Anton Ameiser - Post War

Post War

Anton Ameiser survived the war and died in his hometown of Munich on the 20 February 1976.

Read more about this topic:  Anton Ameiser

Other articles related to "post war, war":

Leo-Hermann Reinhold - Post War
... Reinhold survived the war and died on the 26 October 1961 in L├╝beck. ...
Michael Wynn, 7th Baron Newborough - Military Career - Post War
... After the war he returned to farming, and in 1963 became High Sheriff of Merionethshire ... In 1965 he succeeded his father as Lord Newborough and inherited 20,000 acres (81 km2) in North Wales ...
British Housewives' League - Post War 1946 Bread Rationing & Nationalisation
... over 100,000 members, and their collective voice was felt in many rallies against post war bread rationing ... had been established early on during World War Two ... During the war, bread had never been rationed, it was however introduced in 1946, for two years, to help prevent starvation in Asia and Germany ...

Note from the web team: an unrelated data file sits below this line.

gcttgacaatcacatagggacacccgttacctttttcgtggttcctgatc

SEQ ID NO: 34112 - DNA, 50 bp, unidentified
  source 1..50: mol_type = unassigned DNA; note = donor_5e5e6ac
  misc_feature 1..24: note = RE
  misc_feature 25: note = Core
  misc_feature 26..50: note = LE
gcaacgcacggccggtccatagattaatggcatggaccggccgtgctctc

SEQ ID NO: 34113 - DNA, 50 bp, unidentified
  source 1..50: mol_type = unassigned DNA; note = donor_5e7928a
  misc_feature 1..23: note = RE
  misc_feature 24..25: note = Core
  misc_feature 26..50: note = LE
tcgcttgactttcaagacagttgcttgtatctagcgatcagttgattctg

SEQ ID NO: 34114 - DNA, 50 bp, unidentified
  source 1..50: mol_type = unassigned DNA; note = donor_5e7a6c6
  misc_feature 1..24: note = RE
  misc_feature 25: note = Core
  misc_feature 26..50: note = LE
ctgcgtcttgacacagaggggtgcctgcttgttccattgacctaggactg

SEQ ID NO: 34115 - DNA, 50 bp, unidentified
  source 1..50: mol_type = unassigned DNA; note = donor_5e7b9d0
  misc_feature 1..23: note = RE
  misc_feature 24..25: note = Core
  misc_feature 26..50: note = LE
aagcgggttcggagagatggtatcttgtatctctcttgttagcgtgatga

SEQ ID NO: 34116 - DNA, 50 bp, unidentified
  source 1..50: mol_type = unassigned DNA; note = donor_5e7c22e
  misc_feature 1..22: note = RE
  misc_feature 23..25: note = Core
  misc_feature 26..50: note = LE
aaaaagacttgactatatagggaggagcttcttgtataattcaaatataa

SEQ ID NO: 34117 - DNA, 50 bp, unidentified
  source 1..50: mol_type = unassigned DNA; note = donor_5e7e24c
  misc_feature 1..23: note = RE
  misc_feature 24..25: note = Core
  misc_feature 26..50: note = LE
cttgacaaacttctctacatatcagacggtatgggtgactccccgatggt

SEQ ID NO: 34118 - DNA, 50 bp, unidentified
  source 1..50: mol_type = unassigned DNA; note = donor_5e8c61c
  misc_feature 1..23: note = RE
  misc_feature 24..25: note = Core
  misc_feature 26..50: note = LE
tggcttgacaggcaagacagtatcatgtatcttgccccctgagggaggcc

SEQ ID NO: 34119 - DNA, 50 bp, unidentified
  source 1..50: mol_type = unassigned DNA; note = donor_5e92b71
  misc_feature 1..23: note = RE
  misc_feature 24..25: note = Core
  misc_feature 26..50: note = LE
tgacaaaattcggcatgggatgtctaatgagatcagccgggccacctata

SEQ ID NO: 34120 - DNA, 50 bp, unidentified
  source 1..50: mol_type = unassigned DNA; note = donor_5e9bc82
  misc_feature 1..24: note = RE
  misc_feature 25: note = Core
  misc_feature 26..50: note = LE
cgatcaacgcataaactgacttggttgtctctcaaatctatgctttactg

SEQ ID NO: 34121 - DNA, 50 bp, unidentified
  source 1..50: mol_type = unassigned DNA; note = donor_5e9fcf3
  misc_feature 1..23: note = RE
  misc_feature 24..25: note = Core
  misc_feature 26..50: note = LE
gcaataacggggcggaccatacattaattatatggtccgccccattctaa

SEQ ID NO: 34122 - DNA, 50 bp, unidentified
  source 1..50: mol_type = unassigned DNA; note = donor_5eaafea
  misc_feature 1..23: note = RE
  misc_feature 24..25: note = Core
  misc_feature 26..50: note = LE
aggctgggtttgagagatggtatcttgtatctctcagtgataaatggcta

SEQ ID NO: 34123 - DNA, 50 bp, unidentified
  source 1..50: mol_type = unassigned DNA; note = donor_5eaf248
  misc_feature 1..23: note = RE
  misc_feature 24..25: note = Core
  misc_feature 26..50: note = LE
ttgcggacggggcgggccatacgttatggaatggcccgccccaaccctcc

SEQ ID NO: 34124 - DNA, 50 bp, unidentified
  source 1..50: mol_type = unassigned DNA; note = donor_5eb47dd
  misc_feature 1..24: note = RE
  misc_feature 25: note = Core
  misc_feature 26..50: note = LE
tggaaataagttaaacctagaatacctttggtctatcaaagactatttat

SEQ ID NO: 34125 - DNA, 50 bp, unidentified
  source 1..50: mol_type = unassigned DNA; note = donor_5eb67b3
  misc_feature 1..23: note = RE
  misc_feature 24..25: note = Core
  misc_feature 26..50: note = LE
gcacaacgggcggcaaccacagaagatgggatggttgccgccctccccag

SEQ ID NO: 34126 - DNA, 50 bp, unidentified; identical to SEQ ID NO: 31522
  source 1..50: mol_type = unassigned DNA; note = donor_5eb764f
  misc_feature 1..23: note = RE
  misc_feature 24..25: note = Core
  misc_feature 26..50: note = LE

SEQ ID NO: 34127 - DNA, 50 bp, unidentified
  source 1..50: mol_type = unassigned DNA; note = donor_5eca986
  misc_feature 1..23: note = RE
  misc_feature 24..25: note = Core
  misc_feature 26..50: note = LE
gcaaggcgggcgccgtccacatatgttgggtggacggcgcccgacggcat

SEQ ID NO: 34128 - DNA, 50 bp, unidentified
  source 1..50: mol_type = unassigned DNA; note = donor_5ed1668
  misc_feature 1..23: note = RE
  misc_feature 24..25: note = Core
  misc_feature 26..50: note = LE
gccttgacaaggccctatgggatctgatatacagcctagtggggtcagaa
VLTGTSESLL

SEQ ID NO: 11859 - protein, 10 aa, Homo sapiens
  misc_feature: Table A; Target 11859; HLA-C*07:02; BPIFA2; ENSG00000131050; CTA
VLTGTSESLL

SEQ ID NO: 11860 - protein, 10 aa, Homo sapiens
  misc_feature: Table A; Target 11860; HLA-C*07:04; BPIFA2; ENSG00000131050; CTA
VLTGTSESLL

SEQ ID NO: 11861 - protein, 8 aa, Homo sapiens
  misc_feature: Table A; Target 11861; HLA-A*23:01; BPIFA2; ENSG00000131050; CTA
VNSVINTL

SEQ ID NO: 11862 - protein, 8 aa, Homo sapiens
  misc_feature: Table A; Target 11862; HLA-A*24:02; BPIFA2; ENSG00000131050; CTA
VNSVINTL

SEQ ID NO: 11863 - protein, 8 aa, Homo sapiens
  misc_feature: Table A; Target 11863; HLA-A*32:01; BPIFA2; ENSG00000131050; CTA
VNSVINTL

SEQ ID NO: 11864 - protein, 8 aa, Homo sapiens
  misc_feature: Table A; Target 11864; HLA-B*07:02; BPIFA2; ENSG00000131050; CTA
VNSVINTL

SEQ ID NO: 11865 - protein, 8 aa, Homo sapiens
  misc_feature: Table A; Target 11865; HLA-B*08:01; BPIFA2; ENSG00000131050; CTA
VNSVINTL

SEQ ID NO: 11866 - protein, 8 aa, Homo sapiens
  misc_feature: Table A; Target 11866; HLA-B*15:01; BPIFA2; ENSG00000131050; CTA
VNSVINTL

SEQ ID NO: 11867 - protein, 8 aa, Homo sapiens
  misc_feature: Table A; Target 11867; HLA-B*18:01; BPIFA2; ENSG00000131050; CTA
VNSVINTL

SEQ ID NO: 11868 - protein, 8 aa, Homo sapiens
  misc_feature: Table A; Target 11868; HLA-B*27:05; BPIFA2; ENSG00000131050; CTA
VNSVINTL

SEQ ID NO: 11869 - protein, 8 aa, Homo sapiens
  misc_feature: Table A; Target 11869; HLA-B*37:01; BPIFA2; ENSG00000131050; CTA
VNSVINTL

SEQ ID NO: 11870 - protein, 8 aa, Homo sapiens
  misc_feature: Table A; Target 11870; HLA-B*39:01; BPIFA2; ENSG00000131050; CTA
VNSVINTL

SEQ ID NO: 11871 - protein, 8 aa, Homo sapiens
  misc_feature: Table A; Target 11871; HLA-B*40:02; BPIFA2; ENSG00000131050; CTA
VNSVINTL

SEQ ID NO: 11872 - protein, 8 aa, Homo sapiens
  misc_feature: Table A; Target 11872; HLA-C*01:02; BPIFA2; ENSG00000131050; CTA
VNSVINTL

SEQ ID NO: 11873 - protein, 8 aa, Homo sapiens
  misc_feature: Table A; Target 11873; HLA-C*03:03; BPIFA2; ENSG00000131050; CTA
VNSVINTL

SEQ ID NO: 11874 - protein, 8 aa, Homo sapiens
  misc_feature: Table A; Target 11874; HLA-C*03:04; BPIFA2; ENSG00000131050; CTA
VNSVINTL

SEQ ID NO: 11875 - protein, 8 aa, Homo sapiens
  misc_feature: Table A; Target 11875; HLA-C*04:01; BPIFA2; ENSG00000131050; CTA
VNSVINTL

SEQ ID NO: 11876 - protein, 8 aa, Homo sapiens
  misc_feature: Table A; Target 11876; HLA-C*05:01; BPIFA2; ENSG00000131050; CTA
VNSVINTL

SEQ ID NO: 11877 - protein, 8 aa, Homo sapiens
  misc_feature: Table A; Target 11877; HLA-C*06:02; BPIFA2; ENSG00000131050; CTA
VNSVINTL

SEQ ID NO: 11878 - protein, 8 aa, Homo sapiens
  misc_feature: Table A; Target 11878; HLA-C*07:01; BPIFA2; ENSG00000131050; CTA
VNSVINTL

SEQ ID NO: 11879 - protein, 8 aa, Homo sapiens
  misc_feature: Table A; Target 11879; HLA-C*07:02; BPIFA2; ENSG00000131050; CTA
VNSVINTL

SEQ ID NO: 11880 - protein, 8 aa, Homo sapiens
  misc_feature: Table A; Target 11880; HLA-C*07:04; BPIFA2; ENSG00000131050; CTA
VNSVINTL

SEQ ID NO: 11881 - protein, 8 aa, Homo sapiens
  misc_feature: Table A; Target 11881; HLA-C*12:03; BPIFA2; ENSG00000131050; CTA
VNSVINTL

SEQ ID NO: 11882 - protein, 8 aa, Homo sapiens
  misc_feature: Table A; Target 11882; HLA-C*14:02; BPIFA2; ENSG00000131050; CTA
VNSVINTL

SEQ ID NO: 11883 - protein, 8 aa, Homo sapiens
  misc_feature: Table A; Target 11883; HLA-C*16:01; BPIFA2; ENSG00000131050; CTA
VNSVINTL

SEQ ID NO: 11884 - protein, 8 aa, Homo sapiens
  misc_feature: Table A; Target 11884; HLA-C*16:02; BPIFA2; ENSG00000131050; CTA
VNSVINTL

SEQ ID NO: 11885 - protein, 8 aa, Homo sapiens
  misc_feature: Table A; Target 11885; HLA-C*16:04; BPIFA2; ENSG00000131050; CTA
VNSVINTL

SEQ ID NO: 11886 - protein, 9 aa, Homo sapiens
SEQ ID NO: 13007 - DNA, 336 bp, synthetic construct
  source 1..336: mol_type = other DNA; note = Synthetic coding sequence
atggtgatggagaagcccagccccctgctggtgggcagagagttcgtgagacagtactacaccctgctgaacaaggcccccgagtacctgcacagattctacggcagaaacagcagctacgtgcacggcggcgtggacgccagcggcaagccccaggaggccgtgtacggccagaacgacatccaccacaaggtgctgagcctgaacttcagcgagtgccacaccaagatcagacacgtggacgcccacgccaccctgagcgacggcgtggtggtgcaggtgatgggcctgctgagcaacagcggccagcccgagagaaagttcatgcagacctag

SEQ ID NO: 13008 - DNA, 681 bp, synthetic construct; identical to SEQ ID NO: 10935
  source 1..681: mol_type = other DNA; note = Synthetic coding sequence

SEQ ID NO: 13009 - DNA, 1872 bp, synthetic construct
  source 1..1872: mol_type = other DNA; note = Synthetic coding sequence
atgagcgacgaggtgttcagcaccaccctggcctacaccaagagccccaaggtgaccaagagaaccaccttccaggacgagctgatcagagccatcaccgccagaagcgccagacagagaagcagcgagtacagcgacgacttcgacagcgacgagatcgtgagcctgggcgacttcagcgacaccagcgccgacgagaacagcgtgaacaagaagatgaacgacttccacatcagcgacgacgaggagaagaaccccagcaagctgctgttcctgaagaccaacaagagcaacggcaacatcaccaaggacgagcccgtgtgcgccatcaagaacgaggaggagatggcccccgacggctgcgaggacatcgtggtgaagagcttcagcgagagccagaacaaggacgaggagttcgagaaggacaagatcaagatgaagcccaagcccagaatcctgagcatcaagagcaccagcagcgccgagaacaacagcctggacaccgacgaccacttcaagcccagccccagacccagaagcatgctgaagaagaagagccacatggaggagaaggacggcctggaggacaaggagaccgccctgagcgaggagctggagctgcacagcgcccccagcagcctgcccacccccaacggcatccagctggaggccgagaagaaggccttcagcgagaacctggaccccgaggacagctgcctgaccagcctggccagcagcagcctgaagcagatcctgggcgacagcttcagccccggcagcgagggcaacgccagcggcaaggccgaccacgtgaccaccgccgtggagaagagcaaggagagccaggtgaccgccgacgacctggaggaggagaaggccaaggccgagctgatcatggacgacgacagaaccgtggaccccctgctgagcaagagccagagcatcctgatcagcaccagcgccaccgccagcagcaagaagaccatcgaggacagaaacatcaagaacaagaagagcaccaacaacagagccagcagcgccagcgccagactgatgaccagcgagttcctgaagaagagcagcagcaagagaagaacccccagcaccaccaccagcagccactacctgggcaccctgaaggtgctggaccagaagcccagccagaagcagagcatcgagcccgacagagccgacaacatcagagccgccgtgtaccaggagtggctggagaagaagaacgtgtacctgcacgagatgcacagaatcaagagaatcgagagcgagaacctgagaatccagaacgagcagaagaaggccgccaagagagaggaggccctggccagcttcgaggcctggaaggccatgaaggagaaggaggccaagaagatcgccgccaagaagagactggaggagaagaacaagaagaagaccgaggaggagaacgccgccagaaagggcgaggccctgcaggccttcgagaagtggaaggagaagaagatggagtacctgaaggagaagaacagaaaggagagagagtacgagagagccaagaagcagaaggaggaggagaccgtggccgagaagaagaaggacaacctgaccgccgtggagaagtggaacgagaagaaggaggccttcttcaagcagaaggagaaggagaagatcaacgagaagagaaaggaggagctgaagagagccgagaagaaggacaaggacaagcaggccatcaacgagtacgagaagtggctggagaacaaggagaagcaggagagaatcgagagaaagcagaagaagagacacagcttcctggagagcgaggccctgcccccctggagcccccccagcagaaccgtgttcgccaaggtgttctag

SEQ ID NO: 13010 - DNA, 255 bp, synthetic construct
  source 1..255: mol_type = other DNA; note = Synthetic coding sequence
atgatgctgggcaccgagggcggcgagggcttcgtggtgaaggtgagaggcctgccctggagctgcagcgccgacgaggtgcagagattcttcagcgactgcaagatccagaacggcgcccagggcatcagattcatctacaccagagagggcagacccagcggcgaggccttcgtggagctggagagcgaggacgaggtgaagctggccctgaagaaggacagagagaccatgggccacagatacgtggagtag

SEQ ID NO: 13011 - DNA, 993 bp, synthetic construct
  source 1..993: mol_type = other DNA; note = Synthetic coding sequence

Armoured Flight Deck - Defences - Post War Analysis
... What was not discovered until late in the war was that the kamikaze impacts proved to have a long term effect on the structural integrity of British carriers and their post war life was shortened, as ... planned to rebuild most of the armoured carriers in the early post war period There seems to have been general agreement that the first ship to be modernized should be an Illustrious ... hit by German dive bombers and late in the war was limited to 22 knots (41 km/h) because her centreline shaft was disabled due to accumulated wartime damage she spent ...

Famous quotes containing the words war and/or post:

    Only the person who has experienced light and darkness, war and peace, rise and fall, only that person has truly experienced life.
    Stefan Zweig (18811942)

    My business is stanching blood and feeding fainting men; my post the open field between the bullet and the hospital. I sometimes discuss the application of a compress or a wisp of hay under a broken limb, but not the bearing and merits of a political movement. I make gruel—not speeches; I write letters home for wounded soldiers, not political addresses.
    Clara Barton (1821–1912)